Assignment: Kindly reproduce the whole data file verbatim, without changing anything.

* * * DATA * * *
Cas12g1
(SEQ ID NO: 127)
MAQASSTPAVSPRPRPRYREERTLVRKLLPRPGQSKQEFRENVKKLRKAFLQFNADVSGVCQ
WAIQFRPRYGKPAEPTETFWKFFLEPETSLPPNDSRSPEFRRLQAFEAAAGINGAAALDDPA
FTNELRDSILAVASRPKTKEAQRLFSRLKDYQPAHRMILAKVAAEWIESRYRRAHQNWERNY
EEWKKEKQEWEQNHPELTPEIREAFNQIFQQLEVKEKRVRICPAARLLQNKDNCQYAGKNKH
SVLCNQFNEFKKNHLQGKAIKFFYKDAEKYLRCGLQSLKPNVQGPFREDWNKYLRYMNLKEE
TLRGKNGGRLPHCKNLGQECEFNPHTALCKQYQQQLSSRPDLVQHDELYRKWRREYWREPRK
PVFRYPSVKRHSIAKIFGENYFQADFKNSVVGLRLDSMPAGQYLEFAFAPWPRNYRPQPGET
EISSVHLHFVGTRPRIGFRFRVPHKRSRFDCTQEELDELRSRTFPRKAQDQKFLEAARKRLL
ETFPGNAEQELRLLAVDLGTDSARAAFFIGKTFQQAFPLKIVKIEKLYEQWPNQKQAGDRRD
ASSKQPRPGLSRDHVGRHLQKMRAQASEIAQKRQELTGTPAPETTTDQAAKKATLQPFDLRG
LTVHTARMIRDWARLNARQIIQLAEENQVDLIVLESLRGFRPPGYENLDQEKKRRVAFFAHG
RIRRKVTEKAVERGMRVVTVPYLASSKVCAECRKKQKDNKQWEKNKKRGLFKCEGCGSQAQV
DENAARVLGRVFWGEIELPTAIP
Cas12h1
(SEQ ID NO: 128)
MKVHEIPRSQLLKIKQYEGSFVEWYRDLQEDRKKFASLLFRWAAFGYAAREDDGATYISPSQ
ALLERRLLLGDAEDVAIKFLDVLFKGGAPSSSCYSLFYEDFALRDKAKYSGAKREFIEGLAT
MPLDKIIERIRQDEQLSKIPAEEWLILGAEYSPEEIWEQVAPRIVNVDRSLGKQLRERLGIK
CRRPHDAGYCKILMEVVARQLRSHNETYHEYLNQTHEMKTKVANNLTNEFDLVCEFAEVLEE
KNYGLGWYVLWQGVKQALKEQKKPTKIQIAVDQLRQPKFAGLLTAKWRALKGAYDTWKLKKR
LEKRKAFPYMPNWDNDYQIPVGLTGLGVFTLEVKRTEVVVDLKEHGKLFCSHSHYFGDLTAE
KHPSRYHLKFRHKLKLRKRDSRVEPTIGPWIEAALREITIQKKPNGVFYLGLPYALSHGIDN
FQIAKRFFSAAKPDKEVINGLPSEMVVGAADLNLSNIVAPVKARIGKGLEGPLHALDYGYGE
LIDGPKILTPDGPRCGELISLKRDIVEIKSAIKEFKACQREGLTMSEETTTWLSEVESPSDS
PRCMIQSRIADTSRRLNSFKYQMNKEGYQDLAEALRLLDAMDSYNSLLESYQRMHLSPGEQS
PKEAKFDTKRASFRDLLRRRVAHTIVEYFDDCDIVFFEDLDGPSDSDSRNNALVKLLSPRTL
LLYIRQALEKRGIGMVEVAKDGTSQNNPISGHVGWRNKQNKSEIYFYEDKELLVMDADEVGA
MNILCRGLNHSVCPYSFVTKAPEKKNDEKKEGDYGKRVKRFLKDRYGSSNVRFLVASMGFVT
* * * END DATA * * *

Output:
Cas12g1
(SEQ ID NO: 127)
MAQASSTPAVSPRPRPRYREERTLVRKLLPRPGQSKQEFRENVKKLRKAFLQFNADVSGVCQ
WAIQFRPRYGKPAEPTETFWKFFLEPETSLPPNDSRSPEFRRLQAFEAAAGINGAAALDDPA
FTNELRDSILAVASRPKTKEAQRLFSRLKDYQPAHRMILAKVAAEWIESRYRRAHQNWERNY
EEWKKEKQEWEQNHPELTPEIREAFNQIFQQLEVKEKRVRICPAARLLQNKDNCQYAGKNKH
SVLCNQFNEFKKNHLQGKAIKFFYKDAEKYLRCGLQSLKPNVQGPFREDWNKYLRYMNLKEE
TLRGKNGGRLPHCKNLGQECEFNPHTALCKQYQQQLSSRPDLVQHDELYRKWRREYWREPRK
PVFRYPSVKRHSIAKIFGENYFQADFKNSVVGLRLDSMPAGQYLEFAFAPWPRNYRPQPGET
EISSVHLHFVGTRPRIGFRFRVPHKRSRFDCTQEELDELRSRTFPRKAQDQKFLEAARKRLL
ETFPGNAEQELRLLAVDLGTDSARAAFFIGKTFQQAFPLKIVKIEKLYEQWPNQKQAGDRRD
ASSKQPRPGLSRDHVGRHLQKMRAQASEIAQKRQELTGTPAPETTTDQAAKKATLQPFDLRG
LTVHTARMIRDWARLNARQIIQLAEENQVDLIVLESLRGFRPPGYENLDQEKKRRVAFFAHG
RIRRKVTEKAVERGMRVVTVPYLASSKVCAECRKKQKDNKQWEKNKKRGLFKCEGCGSQAQV
DENAARVLGRVFWGEIELPTAIP
Cas12h1
(SEQ ID NO: 128)
MKVHEIPRSQLLKIKQYEGSFVEWYRDLQEDRKKFASLLFRWAAFGYAAREDDGATYISPSQ
ALLERRLLLGDAEDVAIKFLDVLFKGGAPSSSCYSLFYEDFALRDKAKYSGAKREFIEGLAT
MPLDKIIERIRQDEQLSKIPAEEWLILGAEYSPEEIWEQVAPRIVNVDRSLGKQLRERLGIK
CRRPHDAGYCKILMEVVARQLRSHNETYHEYLNQTHEMKTKVANNLTNEFDLVCEFAEVLEE
KNYGLGWYVLWQGVKQALKEQKKPTKIQIAVDQLRQPKFAGLLTAKWRALKGAYDTWKLKKR
LEKRKAFPYMPNWDNDYQIPVGLTGLGVFTLEVKRTEVVVDLKEHGKLFCSHSHYFGDLTAE
KHPSRYHLKFRHKLKLRKRDSRVEPTIGPWIEAALREITIQKKPNGVFYLGLPYALSHGIDN
FQIAKRFFSAAKPDKEVINGLPSEMVVGAADLNLSNIVAPVKARIGKGLEGPLHALDYGYGE
LIDGPKILTPDGPRCGELISLKRDIVEIKSAIKEFKACQREGLTMSEETTTWLSEVESPSDS
PRCMIQSRIADTSRRLNSFKYQMNKEGYQDLAEALRLLDAMDSYNSLLESYQRMHLSPGEQS
PKEAKFDTKRASFRDLLRRRVAHTIVEYFDDCDIVFFEDLDGPSDSDSRNNALVKLLSPRTL
LLYIRQALEKRGIGMVEVAKDGTSQNNPISGHVGWRNKQNKSEIYFYEDKELLVMDADEVGA
MNILCRGLNHSVCPYSFVTKAPEKKNDEKKEGDYGKRVKRFLKDRYGSSNVRFLVASMGFVT